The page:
Author: Dave Banack

David Banack is an attorney who lives and works in Jackson Hole, Wyoming. He has a JD from the Chapman University School of Law, a Master’s in economics from UC Davis, and a BA in political science from BYU. He joined the LDS Church at age 15 as the first Mormon in his family, and subsequently served a mission to France and Switzerland. He is happily married with three talented kids.

Populism and the Early Church

I finally got my hands on a copy of The Democratization of American Christianity, Nathan O. Hatch’s look at how the egalitarian democratic spirit that pervaded post-Revolutionary America influenced five early American religious movements: the Christians (such as the Disciples…

Two Kinds of Faith

I recently read Reason, Faith, and Revolution: Reflections on the God Debate, Terry Eagleton’s critique of the contributions to that debate by Richard Dawkins and Christopher Hitchens (who he conflates via the memorable moniker “Ditchkins”). It’s less than I’d hoped…

Life on the Fringe

I’ve seen several links but no discussion of the Slate piece on the hypothetical future role of Mormons, “The Catholic Church helped preserve Roman civilization. Can Mormonism do the same for America?” It’s part of an eight-part series on the…

New Primary Lesson Needed

Suggested lesson topic: What to do when you are seven years old and do not want to go to church. Yes, I finally watched the video of the seven-year-old kid who drove away in the family car to avoid going…

Two New Permabloggers

We are pleased to welcome two new permabloggers to our ranks: Alison Moore Smith and Rory Swensen. Both have recently guest blogged here, so I won’t repeat bio information from earlier welcome posts (see here and here for a refresher).…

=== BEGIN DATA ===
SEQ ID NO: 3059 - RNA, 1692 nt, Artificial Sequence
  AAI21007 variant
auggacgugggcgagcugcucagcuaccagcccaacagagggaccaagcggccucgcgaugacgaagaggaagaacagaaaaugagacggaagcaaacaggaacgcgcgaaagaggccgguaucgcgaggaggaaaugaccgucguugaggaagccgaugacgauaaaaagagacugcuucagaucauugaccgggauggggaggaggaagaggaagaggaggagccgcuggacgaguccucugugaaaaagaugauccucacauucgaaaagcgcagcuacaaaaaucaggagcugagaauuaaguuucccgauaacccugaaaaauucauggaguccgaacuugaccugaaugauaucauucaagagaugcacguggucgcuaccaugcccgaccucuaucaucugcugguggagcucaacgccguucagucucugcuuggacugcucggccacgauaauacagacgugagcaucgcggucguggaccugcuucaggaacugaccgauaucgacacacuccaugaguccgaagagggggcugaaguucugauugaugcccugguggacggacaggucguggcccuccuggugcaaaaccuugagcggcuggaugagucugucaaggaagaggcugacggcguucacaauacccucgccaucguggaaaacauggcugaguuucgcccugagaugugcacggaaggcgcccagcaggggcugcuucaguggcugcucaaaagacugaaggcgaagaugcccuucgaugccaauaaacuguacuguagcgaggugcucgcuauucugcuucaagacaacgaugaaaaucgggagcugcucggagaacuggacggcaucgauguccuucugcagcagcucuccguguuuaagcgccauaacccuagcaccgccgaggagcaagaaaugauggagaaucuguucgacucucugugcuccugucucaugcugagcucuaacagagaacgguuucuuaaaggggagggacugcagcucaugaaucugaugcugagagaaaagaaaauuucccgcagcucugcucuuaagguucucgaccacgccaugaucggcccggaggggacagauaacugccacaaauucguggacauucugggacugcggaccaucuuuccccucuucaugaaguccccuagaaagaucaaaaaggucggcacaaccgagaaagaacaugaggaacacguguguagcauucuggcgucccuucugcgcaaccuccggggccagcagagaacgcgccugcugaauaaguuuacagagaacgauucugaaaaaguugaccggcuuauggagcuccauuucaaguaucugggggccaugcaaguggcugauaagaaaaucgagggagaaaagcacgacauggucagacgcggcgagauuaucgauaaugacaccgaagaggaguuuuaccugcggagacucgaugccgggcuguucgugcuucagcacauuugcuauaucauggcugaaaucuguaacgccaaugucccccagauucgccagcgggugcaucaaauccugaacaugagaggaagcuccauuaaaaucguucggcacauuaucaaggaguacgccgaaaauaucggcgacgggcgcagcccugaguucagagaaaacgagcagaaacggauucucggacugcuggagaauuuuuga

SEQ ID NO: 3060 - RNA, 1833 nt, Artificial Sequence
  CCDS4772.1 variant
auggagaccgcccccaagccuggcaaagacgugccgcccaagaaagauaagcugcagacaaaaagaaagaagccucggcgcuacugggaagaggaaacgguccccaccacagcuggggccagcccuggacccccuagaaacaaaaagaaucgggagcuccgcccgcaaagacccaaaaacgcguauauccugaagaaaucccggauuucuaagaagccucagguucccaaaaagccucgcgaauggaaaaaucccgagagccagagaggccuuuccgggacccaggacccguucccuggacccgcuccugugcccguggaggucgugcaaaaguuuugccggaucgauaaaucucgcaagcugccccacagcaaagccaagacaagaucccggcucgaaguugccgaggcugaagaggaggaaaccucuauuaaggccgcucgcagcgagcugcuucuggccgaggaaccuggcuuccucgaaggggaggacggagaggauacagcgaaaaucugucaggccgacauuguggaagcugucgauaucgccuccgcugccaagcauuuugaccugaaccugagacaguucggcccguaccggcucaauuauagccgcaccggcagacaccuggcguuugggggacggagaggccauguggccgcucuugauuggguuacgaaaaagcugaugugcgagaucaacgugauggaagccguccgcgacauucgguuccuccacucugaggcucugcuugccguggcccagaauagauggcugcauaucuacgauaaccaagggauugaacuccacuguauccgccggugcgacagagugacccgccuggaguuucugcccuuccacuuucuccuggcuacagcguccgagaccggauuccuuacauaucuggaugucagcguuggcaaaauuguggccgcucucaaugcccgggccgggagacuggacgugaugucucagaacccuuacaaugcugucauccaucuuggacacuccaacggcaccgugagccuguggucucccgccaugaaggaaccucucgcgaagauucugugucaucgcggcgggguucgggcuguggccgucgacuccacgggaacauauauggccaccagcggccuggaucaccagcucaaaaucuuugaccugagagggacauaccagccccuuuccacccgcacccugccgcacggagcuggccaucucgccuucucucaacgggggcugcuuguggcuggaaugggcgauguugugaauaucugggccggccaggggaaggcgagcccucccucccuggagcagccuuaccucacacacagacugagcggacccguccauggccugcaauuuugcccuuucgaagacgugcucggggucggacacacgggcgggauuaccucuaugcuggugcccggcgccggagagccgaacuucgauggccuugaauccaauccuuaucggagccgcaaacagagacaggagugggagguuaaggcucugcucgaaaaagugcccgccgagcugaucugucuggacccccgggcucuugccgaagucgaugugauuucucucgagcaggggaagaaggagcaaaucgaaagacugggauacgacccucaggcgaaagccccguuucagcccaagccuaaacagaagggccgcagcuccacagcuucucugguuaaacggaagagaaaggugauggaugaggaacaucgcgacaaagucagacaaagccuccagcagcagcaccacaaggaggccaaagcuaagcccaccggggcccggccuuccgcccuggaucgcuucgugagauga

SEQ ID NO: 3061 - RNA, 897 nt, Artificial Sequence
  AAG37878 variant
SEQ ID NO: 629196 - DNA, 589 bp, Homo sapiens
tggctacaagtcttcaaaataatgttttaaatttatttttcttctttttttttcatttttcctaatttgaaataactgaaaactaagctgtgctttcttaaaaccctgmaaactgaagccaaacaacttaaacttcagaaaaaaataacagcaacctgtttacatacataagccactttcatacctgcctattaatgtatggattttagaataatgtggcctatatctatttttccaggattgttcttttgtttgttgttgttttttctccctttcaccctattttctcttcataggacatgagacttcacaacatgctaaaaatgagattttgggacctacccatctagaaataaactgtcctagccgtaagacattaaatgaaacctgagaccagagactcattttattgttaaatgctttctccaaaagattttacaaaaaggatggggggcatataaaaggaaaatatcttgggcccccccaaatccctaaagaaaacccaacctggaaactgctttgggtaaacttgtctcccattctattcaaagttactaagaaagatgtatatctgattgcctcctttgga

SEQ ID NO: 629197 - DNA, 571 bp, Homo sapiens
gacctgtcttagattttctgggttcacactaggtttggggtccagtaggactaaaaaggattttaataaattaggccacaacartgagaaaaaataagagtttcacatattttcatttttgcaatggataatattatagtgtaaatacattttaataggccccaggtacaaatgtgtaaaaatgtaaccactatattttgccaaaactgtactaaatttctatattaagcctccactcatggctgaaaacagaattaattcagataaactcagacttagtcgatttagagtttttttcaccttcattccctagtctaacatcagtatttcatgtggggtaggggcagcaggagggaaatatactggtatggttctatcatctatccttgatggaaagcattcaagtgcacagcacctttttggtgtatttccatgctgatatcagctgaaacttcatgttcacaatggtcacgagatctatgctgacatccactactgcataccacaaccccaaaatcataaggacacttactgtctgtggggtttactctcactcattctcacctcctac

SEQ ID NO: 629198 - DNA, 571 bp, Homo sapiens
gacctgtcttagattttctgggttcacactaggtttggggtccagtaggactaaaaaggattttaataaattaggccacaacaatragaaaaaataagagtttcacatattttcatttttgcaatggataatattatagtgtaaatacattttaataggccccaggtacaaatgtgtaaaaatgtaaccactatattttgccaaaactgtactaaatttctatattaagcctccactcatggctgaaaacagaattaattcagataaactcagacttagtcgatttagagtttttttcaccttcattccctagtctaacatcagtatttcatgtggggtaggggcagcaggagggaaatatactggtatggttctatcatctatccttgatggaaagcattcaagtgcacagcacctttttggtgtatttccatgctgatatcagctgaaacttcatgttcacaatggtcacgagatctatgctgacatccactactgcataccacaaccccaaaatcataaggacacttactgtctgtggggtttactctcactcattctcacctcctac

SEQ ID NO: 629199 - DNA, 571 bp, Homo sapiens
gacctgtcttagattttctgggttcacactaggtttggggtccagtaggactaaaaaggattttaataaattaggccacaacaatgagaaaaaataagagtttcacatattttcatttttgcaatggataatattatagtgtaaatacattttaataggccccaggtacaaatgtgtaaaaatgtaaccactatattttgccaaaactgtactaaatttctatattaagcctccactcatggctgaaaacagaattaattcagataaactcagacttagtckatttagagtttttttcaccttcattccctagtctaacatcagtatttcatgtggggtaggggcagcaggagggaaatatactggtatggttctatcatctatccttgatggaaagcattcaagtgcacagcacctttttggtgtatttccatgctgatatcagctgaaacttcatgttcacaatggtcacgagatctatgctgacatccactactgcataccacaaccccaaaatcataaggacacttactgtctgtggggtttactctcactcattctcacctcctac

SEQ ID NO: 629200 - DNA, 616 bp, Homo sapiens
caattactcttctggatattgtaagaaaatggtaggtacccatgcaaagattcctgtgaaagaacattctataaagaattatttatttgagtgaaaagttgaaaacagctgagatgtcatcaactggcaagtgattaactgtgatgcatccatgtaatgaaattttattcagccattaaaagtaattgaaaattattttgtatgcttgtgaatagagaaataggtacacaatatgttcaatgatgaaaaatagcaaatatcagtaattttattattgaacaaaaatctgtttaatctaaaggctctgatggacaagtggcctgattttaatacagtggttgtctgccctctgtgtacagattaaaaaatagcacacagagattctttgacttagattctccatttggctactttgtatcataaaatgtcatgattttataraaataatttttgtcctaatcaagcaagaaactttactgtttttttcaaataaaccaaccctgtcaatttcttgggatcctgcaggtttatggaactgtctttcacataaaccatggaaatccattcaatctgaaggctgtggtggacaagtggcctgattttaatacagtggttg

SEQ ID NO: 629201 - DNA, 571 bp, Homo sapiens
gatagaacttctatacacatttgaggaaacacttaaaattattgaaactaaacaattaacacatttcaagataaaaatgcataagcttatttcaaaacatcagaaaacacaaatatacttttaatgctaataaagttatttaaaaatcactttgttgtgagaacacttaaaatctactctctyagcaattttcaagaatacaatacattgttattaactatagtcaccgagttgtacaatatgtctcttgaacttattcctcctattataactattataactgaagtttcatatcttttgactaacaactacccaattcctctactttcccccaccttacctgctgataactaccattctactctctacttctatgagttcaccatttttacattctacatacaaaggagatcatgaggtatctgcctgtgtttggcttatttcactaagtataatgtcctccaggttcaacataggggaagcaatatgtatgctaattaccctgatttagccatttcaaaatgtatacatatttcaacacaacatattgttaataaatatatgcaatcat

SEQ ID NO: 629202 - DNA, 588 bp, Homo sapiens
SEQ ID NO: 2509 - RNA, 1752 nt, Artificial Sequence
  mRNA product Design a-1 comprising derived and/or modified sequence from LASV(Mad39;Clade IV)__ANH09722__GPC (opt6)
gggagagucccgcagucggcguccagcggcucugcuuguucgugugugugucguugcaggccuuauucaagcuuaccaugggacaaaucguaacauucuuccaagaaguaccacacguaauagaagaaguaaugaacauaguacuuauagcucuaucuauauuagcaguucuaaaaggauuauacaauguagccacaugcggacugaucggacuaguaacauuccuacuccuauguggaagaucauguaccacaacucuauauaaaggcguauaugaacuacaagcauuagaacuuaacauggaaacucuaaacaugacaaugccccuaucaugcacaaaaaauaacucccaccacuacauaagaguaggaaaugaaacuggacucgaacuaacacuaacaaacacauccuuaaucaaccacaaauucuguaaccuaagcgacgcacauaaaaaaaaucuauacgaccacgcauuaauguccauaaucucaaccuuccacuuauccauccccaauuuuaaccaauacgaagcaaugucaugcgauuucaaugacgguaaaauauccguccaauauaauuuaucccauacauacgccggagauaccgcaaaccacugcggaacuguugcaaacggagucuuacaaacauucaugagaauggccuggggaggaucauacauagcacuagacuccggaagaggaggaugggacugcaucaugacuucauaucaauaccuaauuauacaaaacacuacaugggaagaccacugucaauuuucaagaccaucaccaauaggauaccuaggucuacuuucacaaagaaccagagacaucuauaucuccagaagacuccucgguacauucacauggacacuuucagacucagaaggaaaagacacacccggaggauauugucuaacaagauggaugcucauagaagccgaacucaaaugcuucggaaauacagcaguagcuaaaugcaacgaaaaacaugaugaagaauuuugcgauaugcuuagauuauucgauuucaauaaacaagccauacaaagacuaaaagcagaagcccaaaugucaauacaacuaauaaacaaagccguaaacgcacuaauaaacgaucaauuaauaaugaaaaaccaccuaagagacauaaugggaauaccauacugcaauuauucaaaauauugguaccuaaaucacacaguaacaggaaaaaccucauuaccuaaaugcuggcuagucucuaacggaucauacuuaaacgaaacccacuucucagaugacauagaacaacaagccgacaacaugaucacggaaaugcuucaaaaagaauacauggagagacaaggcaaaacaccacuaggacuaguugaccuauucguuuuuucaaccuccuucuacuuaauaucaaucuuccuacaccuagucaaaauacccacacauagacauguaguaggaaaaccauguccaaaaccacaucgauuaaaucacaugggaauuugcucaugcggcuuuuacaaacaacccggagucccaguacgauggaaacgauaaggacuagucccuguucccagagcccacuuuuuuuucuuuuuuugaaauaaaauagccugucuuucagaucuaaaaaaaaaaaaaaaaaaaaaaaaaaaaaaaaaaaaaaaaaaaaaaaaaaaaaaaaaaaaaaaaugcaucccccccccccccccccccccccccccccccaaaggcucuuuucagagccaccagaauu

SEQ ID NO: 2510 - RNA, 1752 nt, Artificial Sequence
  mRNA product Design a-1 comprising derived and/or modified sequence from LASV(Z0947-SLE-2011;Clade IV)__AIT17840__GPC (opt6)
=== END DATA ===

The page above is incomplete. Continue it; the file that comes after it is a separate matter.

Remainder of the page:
Anonymity as Virtue or Vice

Online anonymity is a topic that comes up regularly. Does if facilitate public discussion of controversial issues or just allow anonymous commenters to spread rumor and innuendo with no accountability? Does real-name posting or commenting improve quality via reputation effects…

God and Robots

They’re coming. Even if you don’t own a robot vacuum cleaner or lawnmower, you’ve been dealing with robots for many years now without realizing it: ATMs, kiosks that vend DVDs, the scan-it-yourself devices at the grocery store that greet you…

Reflections on the Mormon Trail

On a recent corner-to-corner drive across the state of Wyoming, I parallelled the Mormon Trail for about 200 miles: from where the trail intersects I-25 (about 80 miles north of Cheyenne), through Casper (site of the first Mormon Ferry), along…

Upbeat Reflections on BYU

I recently spent a day on the BYU campus as part of an informal reunion with several old dorm-floor roommates and family members. It was a nice visit, and made me recognize something that often gets forgotten in online discussions…

A New Mormon Gateway

A website with answers. That’s what Time Magazine calls the new religion website Patheos.com in “What Do Religions Believe? A Website with Answers.” The Time article describes the new site as one “that sets out to explain the differences among…

Theology in the Wake of Evolution